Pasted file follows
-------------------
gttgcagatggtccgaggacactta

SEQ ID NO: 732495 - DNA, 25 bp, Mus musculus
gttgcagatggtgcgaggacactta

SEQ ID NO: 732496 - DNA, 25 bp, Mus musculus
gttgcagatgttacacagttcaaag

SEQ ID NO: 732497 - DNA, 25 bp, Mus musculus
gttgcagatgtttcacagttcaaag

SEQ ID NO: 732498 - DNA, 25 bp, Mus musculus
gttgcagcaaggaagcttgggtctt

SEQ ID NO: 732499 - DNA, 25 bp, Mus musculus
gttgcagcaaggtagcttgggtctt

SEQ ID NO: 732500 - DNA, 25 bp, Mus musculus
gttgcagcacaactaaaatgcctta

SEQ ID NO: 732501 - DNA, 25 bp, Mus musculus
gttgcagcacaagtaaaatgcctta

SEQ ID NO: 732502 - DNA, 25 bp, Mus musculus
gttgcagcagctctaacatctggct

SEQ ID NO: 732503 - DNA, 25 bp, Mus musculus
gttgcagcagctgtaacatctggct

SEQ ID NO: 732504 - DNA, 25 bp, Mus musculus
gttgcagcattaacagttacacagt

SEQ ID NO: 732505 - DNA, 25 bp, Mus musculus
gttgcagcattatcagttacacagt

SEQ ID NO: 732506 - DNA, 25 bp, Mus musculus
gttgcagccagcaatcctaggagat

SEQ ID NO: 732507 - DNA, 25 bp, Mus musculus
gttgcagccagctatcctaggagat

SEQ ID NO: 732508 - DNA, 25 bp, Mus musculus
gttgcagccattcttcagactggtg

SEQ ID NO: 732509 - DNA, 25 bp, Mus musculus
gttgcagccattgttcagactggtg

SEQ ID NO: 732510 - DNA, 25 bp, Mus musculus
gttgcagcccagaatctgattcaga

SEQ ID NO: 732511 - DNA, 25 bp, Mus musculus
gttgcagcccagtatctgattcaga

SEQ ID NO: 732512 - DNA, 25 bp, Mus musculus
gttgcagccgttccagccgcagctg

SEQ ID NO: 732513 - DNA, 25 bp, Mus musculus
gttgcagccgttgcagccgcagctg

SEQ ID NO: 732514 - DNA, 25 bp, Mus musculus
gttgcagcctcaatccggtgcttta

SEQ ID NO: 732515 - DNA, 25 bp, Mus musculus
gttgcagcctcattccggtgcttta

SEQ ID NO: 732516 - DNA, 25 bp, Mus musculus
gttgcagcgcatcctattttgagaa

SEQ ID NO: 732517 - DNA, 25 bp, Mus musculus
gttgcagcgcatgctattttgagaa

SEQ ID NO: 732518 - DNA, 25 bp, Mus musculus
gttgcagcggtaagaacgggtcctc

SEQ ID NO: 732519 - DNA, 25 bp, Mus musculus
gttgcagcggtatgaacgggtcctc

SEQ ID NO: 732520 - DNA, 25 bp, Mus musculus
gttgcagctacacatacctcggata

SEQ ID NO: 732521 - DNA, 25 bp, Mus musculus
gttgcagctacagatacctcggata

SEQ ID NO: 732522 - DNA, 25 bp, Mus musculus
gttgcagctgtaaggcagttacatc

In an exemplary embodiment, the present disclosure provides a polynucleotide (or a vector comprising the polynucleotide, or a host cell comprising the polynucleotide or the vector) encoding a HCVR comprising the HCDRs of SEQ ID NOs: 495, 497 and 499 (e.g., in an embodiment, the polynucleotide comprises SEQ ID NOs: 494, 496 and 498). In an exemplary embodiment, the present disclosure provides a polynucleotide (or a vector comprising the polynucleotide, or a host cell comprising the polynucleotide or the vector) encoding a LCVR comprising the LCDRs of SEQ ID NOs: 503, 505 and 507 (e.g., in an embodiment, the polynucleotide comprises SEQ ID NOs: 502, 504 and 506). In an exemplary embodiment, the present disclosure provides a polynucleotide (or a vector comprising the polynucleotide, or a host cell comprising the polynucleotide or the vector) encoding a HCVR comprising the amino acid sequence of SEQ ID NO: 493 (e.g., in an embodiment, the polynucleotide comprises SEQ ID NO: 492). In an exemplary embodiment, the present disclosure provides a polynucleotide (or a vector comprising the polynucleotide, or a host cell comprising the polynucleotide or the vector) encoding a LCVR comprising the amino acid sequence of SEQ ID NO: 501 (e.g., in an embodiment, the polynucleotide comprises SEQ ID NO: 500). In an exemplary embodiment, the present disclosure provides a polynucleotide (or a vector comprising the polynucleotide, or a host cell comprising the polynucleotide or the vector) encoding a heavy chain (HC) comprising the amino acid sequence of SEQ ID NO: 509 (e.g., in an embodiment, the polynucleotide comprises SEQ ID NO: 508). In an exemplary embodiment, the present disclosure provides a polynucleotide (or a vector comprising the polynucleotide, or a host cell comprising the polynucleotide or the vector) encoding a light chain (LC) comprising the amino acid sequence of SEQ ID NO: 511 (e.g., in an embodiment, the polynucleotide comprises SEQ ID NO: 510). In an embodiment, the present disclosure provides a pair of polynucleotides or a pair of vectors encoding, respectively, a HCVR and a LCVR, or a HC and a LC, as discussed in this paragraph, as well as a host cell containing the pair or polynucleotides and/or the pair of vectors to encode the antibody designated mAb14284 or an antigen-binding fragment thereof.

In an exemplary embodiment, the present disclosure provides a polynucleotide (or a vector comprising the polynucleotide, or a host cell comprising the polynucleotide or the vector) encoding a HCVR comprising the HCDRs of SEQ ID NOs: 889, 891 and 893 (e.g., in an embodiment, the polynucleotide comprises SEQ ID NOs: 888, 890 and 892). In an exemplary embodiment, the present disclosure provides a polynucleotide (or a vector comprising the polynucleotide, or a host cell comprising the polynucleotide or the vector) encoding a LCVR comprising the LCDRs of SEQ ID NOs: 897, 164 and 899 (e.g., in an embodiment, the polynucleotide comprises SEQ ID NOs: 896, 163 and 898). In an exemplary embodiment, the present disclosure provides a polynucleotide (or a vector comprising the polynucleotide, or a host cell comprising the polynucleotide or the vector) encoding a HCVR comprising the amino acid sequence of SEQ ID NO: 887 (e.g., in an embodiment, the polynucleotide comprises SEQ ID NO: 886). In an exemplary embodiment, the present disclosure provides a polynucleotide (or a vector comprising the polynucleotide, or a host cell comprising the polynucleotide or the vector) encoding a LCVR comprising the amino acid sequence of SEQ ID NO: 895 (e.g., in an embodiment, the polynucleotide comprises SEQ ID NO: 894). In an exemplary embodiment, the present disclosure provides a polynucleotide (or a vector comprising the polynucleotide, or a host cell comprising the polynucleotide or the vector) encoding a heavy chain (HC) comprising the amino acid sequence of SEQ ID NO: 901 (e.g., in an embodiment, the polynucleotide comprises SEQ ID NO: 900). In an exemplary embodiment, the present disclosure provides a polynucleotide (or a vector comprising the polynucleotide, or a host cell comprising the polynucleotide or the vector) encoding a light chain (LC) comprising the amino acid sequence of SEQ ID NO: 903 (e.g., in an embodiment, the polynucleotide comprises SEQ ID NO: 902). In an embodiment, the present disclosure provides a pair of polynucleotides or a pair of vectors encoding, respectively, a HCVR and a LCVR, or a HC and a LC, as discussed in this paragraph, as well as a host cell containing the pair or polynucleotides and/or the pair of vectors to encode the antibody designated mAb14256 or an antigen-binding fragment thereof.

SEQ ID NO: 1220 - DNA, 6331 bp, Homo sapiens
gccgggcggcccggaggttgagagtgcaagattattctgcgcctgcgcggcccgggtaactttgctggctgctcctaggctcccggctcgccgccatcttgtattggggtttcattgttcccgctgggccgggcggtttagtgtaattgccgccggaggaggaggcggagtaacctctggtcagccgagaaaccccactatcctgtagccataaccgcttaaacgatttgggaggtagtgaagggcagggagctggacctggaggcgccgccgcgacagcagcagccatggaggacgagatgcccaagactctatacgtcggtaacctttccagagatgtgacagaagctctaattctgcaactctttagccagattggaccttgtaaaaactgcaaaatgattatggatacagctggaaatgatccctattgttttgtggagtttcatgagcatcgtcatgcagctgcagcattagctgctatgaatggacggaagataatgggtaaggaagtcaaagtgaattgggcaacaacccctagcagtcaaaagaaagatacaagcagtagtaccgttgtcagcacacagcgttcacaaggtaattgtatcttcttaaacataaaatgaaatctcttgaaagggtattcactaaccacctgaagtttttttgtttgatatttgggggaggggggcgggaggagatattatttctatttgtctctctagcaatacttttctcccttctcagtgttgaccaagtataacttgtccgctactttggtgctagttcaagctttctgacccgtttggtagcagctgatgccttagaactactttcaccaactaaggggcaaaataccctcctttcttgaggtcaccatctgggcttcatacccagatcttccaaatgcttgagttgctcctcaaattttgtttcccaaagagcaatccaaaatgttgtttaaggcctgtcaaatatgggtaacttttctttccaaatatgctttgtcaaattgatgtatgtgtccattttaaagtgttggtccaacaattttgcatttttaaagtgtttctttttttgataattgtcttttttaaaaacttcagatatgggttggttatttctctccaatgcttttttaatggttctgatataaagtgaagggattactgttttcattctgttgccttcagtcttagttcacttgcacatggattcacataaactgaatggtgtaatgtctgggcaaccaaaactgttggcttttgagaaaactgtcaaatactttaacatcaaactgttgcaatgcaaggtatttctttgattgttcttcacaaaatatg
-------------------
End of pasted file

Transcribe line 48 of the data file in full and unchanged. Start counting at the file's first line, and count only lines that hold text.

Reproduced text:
SEQ ID NO: 732518 - DNA, 25 bp, Mus musculus